Monero Beats Other Billion-Dollar Crypto to Take on ‘Bulletproofs' Tech
Privacy-oriented cryptocurrency Monero becomes the first to try out “bulletproofs,” a technology designed to make blockchain privacy features more scalable will be tested in the wild soon.
Monero has been making efforts to implement bulletproofs for the past year so as to cut the size of its confidential transactions by at least 75 percent.
The company deals with the scaling setbacks inherent to most blockchains brings along additional privacy layers, which are heavy to compute and unruly to store.
Pseudonymous Monero cryptographer Sarang Noether said,
“blockchain bloat was definitely an issue for Monero.”
The scalability of confidential transactions has been a significant hurdle for the $1 billion blockchains.
“We're excited about it,” Sarang continued. “Part of the reason we do the upgrades is so we can be safely on the cutting edge, and I think this is a really, really good move forward.”
Bulletproofs will replace the current zero-knowledge range proofs that its confidential transactions rely on.
Monero says it will activate the technology during its next system-wide upgrade, or hard fork.
It's worth noting that bulletproofs don't actually contribute to privacy itself. Rather, they simply ensure that the information stored within a confidential transaction doesn't contain any false information.
“They're not about anonymity; they are about assuring that the other stuff we do for anonymity works correctly,” Sarang added.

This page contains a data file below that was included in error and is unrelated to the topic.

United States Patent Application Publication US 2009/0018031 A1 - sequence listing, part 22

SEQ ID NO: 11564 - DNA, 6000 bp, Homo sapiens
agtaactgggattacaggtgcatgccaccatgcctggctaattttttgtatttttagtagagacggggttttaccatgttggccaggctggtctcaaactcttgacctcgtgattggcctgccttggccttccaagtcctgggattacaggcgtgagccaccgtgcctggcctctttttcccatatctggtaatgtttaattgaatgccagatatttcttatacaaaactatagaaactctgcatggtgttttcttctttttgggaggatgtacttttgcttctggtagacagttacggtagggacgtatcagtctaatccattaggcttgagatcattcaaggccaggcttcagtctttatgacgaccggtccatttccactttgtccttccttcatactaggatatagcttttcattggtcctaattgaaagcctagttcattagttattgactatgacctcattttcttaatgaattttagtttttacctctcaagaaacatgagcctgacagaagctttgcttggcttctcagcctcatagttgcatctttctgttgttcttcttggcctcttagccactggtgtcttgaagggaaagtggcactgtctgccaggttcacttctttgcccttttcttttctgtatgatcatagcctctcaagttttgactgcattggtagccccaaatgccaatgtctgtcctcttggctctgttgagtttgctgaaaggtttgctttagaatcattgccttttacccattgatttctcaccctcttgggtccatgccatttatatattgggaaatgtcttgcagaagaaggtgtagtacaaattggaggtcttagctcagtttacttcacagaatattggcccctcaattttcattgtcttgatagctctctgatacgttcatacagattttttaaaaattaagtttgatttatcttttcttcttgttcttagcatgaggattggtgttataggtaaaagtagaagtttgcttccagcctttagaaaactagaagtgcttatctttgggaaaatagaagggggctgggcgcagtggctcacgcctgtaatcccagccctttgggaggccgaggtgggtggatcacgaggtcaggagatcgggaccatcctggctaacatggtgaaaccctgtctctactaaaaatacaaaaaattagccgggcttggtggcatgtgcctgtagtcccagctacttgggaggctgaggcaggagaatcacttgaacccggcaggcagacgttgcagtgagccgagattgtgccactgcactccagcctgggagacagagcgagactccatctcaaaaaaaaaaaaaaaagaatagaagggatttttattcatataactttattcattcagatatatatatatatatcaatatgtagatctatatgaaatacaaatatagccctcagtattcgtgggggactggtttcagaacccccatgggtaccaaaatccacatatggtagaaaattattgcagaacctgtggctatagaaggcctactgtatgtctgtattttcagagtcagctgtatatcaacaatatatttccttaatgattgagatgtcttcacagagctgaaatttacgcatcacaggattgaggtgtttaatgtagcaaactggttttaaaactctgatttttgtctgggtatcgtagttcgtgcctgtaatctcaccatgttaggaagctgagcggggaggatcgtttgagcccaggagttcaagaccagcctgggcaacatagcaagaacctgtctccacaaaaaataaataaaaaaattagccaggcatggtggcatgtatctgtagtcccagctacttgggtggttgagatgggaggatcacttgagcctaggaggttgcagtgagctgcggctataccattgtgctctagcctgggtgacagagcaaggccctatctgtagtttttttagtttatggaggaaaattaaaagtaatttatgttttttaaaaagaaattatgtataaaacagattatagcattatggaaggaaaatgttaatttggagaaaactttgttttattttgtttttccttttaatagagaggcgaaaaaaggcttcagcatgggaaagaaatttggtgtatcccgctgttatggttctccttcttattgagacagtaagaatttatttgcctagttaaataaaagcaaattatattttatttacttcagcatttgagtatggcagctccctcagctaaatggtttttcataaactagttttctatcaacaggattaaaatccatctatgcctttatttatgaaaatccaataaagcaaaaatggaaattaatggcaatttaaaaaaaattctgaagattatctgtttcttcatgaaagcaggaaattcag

Monero relies on three different mechanisms in combination to realize anonymity – stealth addresses, ring signatures, and ring confidential transactions.
Bulletproofs target the latter, ring confidential transactions, or RingCT, which is how Monero obfuscates the quantities that are being sent in a transaction.
Because RingCT's use ring signatures, a cryptographic operation that obscures data by mixing it up with different outputs, Monero needs a way to ensure that transactions balance correctly – that is, to make it impossible for money to be printed in the process.
Up until now, Monero has relied a kind of zero-knowledge range proofs to fulfill this task, named a bitwise Borromean range proof.
Trouble is, these range proofs are “a very slow and large operation,” Sarang said, to the point that “the vast bulk of our transactions, size wise, on the blockchain are these existing range proofs.”
Instead, bulletproofs work by aggregating information into new data structures that scale logarithmically, rather than linearly – meaning that the scaling gets even more notable for large transactions that contain multiple outputs.
Speaking to this, Sarang said:
“It does the same thing, this nice, black box, zero-knowledge proof idea, but is much, much, much smaller and much, much, much faster to do.”